Tuberculosis (TB) kills 2 million people every year. Although most humans control Mtb infection and maintain it in a latent state, ~10% of infected people have active or reactivated TB. It is our hypothesis that the M. tuberculosis infection of the human host results in a mutually beneficial structure, the granuloma, and the balance of host and microbial factors within this microenvironment determines outcome of infection, during both primary tuberculosis and latent infection. The host effector mechanisms that are important in control of TB remain incompletely understood, and the modulation of these responses, as is necessary for a chronic infection to prevent overwhelming pathology, has only begun to be explored. In this application we will concentrate on a specific T cell subset believed to contribute to the control of Mtb infection, the CD8 T cells. We have been studying CD8 T cells in TB for several years, and many questions remain regarding priming, effector functions, regulation and memory responses of these cells. In this application, we will use both mouse and non-human primate models of TB to address specific aspects of CD8 T cells in TB. We hypothesize that CD8 T cell responses are less than optimal, and effector functions, which include cytokine production and cytotoxic activity, are modulated by regulatory mechanisms. Furthermore, the CD8 T cell memory response is not robust upon challenge, and we hypothesize that the inflammatory response in the lungs during early infection or challenge is insufficient to quickly prime or recall a CD8 T cell response. Cumulatively, these studies will enhance our understanding of the host-pathogen interactions within the granuloma, as well as highlight mechanisms that may prevent bacterial clearance, reduce pathology, or improve control of the infection. These studies have relevance to vaccine development, since several TB vaccines that are entering human trials appear not to induce CD8 T cell responses;the relative importance of these responses compared to other cellular responses is unknown.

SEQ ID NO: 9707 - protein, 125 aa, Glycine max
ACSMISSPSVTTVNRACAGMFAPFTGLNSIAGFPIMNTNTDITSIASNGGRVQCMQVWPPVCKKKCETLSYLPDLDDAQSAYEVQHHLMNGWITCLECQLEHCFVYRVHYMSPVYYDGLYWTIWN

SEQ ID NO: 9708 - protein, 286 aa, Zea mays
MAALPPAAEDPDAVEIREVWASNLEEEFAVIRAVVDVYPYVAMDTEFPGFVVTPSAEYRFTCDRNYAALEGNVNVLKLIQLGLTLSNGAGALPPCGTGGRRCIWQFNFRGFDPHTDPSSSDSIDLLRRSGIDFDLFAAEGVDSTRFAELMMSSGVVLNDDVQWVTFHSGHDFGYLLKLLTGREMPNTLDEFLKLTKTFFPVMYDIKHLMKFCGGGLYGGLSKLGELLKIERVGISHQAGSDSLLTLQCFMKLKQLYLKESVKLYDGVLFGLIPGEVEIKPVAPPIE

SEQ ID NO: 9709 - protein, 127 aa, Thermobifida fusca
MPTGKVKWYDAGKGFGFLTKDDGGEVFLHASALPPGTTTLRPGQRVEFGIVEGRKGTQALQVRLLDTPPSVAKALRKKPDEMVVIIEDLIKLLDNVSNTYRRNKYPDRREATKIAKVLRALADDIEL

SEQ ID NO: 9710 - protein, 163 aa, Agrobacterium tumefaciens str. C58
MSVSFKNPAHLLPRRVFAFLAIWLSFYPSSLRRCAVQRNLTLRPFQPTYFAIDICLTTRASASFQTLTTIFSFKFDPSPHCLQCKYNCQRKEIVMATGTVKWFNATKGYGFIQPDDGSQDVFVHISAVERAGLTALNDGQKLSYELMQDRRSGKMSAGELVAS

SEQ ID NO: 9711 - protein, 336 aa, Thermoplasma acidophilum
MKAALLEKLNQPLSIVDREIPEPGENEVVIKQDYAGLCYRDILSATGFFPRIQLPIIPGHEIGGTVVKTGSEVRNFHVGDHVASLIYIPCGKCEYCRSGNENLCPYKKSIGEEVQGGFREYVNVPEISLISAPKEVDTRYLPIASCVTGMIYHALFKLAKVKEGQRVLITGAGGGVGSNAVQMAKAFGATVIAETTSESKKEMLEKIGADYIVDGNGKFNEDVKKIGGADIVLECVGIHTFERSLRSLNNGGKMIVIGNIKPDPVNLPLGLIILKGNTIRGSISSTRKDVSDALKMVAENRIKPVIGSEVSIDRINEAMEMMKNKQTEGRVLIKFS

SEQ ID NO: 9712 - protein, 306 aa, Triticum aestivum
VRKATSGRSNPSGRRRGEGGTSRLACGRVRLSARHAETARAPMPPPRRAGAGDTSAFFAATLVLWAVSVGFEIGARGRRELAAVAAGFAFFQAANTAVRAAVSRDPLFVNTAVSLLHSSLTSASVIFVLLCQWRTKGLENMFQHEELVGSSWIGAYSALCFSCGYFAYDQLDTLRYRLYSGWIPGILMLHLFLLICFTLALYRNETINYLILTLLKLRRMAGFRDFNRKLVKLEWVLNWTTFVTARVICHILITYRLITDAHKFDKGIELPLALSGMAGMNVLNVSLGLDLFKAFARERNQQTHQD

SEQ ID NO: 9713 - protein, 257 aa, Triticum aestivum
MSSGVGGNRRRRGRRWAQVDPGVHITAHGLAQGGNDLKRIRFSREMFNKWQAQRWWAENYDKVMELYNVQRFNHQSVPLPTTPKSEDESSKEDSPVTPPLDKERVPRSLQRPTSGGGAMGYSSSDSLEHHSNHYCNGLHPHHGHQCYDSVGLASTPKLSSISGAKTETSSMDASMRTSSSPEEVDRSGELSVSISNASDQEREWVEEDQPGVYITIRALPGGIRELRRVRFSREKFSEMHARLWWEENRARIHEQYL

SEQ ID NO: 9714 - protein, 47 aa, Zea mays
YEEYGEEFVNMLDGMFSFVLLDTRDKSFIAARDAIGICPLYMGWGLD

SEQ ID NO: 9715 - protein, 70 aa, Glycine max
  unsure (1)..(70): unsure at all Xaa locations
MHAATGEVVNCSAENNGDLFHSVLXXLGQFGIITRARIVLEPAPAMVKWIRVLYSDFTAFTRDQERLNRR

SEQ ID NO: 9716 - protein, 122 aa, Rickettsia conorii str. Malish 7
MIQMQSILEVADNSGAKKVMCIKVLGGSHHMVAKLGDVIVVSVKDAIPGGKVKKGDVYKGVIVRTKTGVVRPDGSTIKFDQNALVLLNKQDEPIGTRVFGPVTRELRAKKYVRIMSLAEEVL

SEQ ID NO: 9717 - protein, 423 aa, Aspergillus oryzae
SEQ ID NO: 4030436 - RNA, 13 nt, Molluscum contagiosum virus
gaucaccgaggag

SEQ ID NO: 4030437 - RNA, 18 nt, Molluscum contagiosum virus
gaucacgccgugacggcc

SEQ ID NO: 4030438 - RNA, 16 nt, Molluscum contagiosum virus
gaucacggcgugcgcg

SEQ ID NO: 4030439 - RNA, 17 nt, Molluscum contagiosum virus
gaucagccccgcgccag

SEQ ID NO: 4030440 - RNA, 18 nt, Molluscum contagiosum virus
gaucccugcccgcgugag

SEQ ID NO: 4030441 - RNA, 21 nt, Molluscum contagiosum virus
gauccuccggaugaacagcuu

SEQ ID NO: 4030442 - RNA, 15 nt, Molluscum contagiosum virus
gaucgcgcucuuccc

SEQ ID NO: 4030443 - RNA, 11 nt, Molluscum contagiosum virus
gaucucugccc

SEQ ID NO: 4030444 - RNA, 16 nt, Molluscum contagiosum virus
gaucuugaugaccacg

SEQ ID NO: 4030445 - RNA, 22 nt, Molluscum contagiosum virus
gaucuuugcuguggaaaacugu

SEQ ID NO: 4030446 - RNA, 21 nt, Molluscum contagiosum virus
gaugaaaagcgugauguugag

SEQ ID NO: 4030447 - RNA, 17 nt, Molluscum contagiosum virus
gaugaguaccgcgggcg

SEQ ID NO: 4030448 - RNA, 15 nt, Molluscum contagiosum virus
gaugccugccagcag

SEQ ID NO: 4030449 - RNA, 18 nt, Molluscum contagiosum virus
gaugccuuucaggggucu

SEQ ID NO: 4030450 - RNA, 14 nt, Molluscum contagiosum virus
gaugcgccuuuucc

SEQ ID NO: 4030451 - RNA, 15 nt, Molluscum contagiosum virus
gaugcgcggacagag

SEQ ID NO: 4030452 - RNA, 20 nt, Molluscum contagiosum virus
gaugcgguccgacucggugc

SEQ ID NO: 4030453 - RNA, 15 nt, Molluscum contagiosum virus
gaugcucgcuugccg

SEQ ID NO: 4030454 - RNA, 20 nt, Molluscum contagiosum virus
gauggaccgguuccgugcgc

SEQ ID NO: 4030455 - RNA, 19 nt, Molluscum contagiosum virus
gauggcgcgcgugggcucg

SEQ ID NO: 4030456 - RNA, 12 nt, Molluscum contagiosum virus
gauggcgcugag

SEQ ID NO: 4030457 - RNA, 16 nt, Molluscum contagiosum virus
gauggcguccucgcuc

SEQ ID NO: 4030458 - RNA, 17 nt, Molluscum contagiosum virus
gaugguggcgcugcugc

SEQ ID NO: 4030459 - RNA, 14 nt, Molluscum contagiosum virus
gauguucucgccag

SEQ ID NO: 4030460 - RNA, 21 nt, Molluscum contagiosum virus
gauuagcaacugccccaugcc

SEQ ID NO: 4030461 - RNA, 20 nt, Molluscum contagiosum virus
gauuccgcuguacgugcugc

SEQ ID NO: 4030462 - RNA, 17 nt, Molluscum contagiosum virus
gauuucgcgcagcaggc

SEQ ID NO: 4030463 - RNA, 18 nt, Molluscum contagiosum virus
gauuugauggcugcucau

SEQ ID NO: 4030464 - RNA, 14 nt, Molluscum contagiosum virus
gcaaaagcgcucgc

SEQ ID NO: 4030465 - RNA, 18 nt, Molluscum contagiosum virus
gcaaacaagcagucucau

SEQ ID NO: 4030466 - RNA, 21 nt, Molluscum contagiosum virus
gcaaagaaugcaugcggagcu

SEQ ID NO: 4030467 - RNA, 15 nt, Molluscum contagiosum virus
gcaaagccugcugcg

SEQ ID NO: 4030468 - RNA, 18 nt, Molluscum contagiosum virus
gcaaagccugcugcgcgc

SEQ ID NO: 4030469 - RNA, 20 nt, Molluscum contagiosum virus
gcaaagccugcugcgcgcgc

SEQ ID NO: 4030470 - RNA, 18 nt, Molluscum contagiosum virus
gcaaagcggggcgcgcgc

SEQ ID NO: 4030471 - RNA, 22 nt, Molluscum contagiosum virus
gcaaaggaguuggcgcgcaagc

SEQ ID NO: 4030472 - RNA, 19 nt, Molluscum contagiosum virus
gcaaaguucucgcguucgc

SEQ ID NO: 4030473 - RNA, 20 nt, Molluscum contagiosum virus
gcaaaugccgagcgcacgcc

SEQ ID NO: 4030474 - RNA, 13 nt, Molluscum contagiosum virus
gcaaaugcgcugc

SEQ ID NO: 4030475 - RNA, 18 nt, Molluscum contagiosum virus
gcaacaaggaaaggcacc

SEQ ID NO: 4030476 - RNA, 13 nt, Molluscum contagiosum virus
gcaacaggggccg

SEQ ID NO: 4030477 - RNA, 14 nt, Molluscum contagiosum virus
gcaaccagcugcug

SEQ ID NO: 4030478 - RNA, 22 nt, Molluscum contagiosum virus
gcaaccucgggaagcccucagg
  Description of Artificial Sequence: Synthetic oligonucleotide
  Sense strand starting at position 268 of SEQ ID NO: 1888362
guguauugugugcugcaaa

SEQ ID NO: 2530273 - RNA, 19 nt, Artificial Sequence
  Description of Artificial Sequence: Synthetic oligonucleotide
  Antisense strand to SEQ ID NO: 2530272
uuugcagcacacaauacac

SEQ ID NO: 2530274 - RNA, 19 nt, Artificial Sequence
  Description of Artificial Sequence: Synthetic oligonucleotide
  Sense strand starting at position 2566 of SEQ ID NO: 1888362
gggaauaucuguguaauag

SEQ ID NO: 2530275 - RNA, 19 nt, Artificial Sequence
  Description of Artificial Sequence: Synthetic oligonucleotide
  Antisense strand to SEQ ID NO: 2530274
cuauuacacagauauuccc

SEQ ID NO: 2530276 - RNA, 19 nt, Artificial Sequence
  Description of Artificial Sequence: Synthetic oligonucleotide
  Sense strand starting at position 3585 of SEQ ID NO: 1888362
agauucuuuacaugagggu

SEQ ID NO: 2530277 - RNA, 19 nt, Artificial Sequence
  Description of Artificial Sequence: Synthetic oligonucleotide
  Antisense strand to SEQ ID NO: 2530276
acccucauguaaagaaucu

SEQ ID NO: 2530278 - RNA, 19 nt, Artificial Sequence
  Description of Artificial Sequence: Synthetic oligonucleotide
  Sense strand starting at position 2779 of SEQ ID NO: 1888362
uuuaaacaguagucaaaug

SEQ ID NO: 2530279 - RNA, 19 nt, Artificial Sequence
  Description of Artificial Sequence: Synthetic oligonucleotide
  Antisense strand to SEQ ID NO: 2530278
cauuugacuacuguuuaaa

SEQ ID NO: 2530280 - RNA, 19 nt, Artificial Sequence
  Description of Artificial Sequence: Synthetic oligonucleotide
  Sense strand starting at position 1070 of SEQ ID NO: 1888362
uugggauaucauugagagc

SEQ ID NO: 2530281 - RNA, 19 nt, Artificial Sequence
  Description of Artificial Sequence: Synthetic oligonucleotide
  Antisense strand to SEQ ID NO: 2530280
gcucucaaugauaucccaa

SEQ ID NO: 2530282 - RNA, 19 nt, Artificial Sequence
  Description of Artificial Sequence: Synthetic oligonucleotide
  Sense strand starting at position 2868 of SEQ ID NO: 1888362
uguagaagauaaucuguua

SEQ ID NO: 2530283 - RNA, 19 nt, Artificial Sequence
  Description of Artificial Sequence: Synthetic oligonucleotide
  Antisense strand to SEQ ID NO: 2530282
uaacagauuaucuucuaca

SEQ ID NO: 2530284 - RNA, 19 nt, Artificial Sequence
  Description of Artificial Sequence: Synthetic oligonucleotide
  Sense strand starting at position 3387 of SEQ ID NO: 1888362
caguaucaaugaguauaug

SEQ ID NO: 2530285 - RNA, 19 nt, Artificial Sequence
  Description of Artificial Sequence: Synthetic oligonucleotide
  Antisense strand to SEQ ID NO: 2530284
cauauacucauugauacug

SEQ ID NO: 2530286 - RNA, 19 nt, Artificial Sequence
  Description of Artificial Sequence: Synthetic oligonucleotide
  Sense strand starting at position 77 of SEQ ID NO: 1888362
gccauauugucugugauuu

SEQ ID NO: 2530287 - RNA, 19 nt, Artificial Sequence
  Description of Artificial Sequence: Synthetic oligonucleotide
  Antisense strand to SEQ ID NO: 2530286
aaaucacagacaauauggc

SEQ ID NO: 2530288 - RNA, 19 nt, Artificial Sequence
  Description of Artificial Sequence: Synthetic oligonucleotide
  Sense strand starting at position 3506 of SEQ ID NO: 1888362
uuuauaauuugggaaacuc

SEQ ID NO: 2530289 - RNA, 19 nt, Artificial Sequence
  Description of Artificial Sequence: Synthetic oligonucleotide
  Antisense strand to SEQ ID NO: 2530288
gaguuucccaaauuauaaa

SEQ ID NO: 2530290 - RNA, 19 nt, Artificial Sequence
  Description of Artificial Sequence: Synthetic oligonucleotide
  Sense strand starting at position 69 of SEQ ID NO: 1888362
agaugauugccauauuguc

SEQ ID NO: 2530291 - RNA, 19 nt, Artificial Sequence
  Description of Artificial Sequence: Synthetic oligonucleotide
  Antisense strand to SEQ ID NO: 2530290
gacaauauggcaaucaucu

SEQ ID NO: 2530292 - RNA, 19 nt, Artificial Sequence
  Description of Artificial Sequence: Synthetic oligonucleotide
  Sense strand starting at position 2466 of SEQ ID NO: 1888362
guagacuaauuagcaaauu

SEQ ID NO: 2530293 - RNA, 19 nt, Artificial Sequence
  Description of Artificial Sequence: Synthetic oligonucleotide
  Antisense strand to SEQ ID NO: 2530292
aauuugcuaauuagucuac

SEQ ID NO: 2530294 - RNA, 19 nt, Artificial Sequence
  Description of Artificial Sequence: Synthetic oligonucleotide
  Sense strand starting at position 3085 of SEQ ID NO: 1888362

The specific aims for this renewal are: 1. Determine the important effector functions of CD8 T cells in tuberculosis, and identify factors that modulate changes in these functions over the course of infection 2. Identify factors that regulate CD8 T cell responses during the course of infection 3. Determine whether CD8 T cell memory is initiated, maintained and recalled in the setting of cured or latent tuberculosis, and the factors that contribute to the ineffective memory response.
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